Middle Brow began as a philanthropic brewery, donating most-to-all of what they earned to social justice groups. In 2017, they landed in Chicago's Logan Square, then opened Bungalow in 2019 with the addition of a bakery and pizza oven.
Middle Brow Brewery and Bungalow lend Chicago’s Logan Square a center for grain exploitation, in the best sense of the word. The brewery boasts a pizza oven and bread bakery that regularly convert Midwest grains into food and beverages, and fun follows. The patio seats up to 100, and indoors holds another 100 guests.
“Weekends, people are scattered around the pavilions, sitting on tree stumps, leaning on the fence at the sidewalk. Live music might be happening on the back of the lot, and something entirely different at the front of the lot,” said co-founder Pete Ternes. The inside has skylights crowning 14-foot ceilings and the walls are decorated farm-style, with objects from his grandparents’ place, as well as from the grandparents of his wife and work partner, Polly Nevins. Pictured here: Pete at left with Polly, and co-owner Bryan at right.
This eclectic assembly of products and people suggests a goal of social fermentation for the fermentation-forward enterprise. Give people good food and drink, give them benches and fire pits outside, a rustic, light and airy setting inside, and they’ll find a way to make their own good times. A similar sense of experiment was at the root of Middle Brow when it began in 2010: what additional good could they create along with their craft food and drink?
“I was working on a food version of what the brewery became, organizing food events to raise money for hunger prevention organizations,” said Pete. At the time, he was living in New York, working as a lawyer. “One of my best friends reached out asking me to do a similar thing with beer. It was strange that we were sort of thinking about very similar things at the exact same time.”
Pete decided to move home to Chicago and join his longtime friend Bryan Grohnke; Grohnke remains a business partner, and is now in charge of the beer brewing and winemaking operations. Middle Brow also makes kombucha and other beverages, like barley tea.
For seven years, the two ran Middle Brow as a philanthropic brewery, donating most-to-all of what they earned to social justice groups. Around 2017, they started pursuing a steady location for the brewery, and landed in Logan Square. As they constructed the space, they considered what else it should include, and realized that pizza could be a good complement. Baker Jess Galli was in Chicago, toting skills and a fresh-flour compass from San Francisco; she helped them build out their pizza program, and start the bakery when Bungalow opened in 2019. Jess saw Middle Brow through the first year of the pandemic, and Marissa Venturi now manages the bakery, which includes wholesale operations, and is housed offsite just a couple of blocks away from the main digs.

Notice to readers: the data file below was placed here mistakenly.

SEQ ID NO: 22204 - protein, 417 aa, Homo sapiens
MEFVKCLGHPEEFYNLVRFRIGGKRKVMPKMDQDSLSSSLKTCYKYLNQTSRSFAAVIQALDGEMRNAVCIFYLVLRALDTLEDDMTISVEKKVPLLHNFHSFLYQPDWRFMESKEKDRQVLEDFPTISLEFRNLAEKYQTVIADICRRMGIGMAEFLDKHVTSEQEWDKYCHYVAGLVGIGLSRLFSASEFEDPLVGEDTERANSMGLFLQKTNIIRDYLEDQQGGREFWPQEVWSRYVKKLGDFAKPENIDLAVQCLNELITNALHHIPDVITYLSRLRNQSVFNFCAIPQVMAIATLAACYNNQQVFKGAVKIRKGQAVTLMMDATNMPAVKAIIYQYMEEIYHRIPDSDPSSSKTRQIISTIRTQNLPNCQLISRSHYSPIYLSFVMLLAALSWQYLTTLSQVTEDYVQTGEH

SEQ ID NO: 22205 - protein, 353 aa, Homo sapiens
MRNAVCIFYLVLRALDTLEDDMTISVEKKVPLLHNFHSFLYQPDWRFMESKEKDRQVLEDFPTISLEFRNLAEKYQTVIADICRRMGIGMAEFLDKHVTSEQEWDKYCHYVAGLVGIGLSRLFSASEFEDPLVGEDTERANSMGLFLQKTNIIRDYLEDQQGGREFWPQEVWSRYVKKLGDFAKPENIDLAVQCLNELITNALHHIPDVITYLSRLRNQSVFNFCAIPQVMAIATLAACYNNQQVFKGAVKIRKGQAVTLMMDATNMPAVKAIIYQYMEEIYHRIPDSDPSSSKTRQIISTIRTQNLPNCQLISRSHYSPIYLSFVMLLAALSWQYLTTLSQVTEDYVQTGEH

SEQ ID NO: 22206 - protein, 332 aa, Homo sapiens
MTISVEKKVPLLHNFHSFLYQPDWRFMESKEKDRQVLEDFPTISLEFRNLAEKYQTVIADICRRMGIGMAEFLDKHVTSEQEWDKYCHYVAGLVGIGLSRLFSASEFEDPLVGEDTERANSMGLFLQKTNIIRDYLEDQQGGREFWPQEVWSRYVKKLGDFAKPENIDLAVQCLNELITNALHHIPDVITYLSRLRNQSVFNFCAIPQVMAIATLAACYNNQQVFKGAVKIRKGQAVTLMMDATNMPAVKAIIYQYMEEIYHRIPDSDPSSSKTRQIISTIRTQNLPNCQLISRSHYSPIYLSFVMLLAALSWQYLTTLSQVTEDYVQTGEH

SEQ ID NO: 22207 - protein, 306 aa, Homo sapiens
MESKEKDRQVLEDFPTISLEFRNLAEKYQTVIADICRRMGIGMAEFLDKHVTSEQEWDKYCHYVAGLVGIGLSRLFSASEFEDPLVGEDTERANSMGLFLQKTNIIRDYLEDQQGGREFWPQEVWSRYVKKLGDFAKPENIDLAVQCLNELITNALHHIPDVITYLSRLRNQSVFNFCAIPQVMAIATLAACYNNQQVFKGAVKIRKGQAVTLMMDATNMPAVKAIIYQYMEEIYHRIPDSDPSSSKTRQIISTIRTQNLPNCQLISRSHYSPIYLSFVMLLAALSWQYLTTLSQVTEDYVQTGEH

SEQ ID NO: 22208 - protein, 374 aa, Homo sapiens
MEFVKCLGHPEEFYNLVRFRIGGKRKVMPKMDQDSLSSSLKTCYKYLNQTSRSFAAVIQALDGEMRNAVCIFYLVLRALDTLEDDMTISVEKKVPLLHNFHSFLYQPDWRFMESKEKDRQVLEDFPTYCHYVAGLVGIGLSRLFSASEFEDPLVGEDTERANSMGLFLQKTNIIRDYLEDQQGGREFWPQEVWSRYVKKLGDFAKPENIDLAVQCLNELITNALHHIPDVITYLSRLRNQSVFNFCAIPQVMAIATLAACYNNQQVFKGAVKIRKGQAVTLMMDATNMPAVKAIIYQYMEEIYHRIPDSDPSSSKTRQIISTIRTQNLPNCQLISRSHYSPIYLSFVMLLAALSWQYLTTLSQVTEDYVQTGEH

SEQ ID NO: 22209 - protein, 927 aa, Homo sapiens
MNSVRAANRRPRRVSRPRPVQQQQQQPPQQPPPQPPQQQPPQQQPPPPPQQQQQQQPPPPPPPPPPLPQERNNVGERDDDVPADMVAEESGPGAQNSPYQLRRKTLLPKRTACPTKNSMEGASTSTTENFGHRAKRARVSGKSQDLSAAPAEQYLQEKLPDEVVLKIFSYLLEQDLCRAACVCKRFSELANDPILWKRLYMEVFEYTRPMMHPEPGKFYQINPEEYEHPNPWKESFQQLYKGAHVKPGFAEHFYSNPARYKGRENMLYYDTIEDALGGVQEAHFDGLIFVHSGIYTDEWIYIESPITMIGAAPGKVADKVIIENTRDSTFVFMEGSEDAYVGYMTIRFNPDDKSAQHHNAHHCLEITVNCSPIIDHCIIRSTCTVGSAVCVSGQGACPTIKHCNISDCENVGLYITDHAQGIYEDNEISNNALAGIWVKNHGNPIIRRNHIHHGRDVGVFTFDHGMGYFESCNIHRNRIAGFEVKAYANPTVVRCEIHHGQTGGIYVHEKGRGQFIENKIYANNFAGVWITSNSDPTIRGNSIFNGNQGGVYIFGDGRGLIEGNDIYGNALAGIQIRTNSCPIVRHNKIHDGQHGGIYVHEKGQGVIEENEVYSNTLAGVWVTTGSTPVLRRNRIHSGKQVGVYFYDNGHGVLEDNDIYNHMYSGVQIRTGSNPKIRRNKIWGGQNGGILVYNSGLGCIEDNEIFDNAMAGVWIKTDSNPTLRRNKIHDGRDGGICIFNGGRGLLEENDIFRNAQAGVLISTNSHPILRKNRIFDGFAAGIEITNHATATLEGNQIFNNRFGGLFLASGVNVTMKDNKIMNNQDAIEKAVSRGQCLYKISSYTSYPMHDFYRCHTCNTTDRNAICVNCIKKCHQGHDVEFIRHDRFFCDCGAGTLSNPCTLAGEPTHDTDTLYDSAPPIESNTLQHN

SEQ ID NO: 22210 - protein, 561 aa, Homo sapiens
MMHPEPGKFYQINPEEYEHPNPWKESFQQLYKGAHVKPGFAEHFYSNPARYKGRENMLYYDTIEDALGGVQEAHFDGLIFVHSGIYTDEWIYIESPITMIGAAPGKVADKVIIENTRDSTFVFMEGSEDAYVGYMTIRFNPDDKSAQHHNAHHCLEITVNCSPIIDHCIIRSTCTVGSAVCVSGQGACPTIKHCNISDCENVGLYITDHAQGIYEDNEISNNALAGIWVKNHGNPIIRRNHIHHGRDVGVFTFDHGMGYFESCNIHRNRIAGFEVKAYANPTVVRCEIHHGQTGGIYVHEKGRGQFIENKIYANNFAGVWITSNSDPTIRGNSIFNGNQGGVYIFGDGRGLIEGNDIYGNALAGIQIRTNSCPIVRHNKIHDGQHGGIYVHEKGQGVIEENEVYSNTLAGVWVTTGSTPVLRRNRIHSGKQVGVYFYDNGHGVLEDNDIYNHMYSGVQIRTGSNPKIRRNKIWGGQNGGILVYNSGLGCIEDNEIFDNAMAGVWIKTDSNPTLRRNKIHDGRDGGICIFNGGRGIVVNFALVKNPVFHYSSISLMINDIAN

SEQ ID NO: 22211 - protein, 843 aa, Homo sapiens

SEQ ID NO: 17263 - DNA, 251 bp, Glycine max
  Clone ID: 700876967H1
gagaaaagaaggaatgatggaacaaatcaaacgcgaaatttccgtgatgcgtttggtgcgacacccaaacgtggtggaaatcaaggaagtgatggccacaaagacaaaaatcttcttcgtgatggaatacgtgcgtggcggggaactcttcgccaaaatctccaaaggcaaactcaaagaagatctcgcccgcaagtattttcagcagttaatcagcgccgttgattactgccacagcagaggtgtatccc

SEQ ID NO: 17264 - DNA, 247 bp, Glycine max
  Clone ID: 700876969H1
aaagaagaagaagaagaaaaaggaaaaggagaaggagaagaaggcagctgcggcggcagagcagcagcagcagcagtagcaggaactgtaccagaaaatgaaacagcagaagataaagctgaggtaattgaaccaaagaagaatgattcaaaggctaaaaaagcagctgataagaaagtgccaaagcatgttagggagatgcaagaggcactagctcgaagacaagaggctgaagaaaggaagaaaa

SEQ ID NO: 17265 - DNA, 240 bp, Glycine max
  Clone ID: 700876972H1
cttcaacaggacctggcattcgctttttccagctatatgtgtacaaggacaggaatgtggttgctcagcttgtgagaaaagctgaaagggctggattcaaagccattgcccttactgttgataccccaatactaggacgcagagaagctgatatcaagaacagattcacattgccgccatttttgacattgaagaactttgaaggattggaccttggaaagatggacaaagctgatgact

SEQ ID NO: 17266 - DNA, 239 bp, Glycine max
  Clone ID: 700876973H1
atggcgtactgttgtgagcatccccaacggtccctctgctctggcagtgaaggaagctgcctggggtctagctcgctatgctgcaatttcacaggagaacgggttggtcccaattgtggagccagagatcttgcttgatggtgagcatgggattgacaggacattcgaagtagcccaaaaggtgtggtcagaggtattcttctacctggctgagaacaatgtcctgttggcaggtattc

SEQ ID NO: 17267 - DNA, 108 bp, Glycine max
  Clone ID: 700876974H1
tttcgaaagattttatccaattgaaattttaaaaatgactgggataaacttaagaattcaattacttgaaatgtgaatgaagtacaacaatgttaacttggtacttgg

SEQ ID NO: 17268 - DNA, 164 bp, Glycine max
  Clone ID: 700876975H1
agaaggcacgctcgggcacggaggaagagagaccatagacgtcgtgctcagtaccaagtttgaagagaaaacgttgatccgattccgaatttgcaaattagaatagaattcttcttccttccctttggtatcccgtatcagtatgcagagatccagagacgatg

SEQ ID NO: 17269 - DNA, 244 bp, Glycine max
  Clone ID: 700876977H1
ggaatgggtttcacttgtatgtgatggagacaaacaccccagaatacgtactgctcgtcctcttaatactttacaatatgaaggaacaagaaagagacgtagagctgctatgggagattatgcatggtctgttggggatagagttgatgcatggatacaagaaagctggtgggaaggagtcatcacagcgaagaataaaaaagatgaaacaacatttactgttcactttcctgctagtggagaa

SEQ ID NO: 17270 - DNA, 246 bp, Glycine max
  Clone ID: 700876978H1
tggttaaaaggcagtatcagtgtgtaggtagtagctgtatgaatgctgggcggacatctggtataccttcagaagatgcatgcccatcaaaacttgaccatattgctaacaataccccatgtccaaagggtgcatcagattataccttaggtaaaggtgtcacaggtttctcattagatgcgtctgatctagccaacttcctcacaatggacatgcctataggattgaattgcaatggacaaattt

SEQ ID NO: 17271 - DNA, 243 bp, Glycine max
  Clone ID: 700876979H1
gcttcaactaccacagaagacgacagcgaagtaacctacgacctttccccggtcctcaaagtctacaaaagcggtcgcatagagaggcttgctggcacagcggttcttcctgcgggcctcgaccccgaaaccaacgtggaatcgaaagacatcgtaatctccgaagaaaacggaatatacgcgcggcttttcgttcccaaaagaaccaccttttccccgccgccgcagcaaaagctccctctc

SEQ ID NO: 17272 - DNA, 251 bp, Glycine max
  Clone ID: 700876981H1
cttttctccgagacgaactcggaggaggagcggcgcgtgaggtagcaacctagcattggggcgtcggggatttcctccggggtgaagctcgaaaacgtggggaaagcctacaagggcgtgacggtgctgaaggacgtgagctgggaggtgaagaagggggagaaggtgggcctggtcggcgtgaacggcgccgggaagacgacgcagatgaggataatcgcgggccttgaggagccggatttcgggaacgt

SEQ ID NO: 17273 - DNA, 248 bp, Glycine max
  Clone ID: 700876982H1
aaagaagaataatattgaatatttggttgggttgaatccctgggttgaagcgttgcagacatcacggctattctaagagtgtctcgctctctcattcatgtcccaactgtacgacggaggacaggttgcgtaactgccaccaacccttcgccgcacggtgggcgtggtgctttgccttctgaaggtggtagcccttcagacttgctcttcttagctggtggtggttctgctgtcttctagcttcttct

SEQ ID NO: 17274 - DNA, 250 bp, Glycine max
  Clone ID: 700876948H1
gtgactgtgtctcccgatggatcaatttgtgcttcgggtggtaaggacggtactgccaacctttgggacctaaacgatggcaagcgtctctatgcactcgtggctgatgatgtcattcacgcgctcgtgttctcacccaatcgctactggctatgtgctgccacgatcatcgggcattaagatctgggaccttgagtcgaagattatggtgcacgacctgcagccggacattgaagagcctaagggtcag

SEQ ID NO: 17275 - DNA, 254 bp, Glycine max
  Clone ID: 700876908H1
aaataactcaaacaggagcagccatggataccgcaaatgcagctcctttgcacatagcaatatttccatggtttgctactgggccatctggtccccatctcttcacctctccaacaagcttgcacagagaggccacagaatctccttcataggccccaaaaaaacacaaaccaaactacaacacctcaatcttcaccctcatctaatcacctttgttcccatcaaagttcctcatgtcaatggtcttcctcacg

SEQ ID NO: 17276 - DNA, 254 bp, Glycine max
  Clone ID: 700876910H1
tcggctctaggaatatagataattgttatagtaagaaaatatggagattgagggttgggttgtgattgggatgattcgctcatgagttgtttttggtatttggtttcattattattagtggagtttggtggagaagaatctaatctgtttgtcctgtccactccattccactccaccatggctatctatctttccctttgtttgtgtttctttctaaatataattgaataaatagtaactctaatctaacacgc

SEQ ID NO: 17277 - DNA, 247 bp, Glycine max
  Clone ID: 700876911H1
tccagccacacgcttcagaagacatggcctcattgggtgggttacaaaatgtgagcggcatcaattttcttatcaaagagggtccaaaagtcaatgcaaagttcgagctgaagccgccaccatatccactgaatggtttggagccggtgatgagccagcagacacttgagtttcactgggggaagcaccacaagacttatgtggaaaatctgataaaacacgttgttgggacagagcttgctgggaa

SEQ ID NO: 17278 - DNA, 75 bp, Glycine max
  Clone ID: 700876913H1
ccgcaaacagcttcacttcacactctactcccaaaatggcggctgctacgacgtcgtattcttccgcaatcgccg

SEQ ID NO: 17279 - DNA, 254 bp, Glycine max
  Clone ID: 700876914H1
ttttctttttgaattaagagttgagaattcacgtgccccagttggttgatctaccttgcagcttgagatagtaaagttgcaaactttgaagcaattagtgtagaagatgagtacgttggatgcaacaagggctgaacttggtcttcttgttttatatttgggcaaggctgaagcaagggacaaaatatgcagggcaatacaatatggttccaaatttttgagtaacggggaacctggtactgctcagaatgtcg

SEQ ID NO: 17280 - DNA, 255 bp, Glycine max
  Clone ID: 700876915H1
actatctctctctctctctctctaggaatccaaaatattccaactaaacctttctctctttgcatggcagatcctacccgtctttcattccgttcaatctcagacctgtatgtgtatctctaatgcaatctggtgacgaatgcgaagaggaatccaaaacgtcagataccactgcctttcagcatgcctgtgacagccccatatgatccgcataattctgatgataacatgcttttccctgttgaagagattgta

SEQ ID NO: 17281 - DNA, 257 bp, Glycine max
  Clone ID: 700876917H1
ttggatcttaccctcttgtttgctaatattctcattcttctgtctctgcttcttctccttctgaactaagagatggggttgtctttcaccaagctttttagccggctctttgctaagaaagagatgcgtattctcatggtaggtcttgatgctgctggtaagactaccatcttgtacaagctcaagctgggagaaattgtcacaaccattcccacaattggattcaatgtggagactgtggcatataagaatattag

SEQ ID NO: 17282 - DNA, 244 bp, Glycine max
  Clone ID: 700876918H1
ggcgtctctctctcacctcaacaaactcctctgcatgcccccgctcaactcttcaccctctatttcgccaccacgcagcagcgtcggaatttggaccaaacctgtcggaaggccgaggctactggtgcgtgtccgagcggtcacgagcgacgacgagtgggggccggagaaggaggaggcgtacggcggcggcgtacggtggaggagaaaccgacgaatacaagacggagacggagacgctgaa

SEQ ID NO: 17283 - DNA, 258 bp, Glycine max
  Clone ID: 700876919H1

The kinds of beer Middle Brow prefers to make are sour, brewed like their bread, with wild yeast. These are not malt-forward brews, but after a time, they wanted to root their brewing in Midwest grains anyway. Their quest for malt involved tracing down 100 different possible sources in Indiana, Michigan and Illinois. So many places were closed. “It was hard to find anyone who was able to make the scale of what we needed,” Pete said, but eventually they found Sugar Creek Malt in Indiana, a farm-based malthouse.
During the malt quest, Pete also found AGC. The network has been invaluable, he said, a formal shape for the kind of integrated food system the business is individually fostering. Primarily, they use flour from AGC member Meadowlark Community Mill, as well as some from Janie’s Mill, plus a little from Spence Farm in central Illinois.
Weathering the last two years has meant lots of reconfigurations. In March 2020, as soon as stay-at-home orders occurred, they had to cease a culinary training program they’d established in their first year. “We launched an apprenticeship program to teach local youth how to work in a restaurant and manufacturing facility, and in general, how to hold a job. We had a social worker on staff,” Pete said, but needing to control the flow of people in the kitchen put an end to that.
They also gave away a lot of bread—over 15,000 loaves so far to various groups: immigrant and refugee communities, centers that support trans youth, and Assata’s Daughters, a neighborhood mutual aid network on the mid-south side of Chicago. Another thing Middle Brow did was to invite the many farmers they work with to come and sell at their patio. Pete says it felt great to help businesses so linked to their own in this way during such a complicated time.
Relationships within the Chicago foodshed are vital to Middle Brow. When farmer/maltster Caleb Michalke brings over malt from Sugar Creek every two weeks, he hangs out on the patio— this is reciprocated when Pete, Polly and Bryan visit the Indiana farm. “When we needed fruit wood for a DIY Norwegian smoker project, we reached out to a Western Michigan farm friend and asked if they had any deadwood we could come get,” said Pete. The kindling is an object and a metaphor, signifying the links they, and AGC celebrate. That wood, for instance, also smoked beans from AGC member Granor Farm. When author Abra Berens’ cookbook launched last summer, of course it was at Middle Brow: a nexus for the spider webbing that ties such food and beverage makers together in the Midwest.
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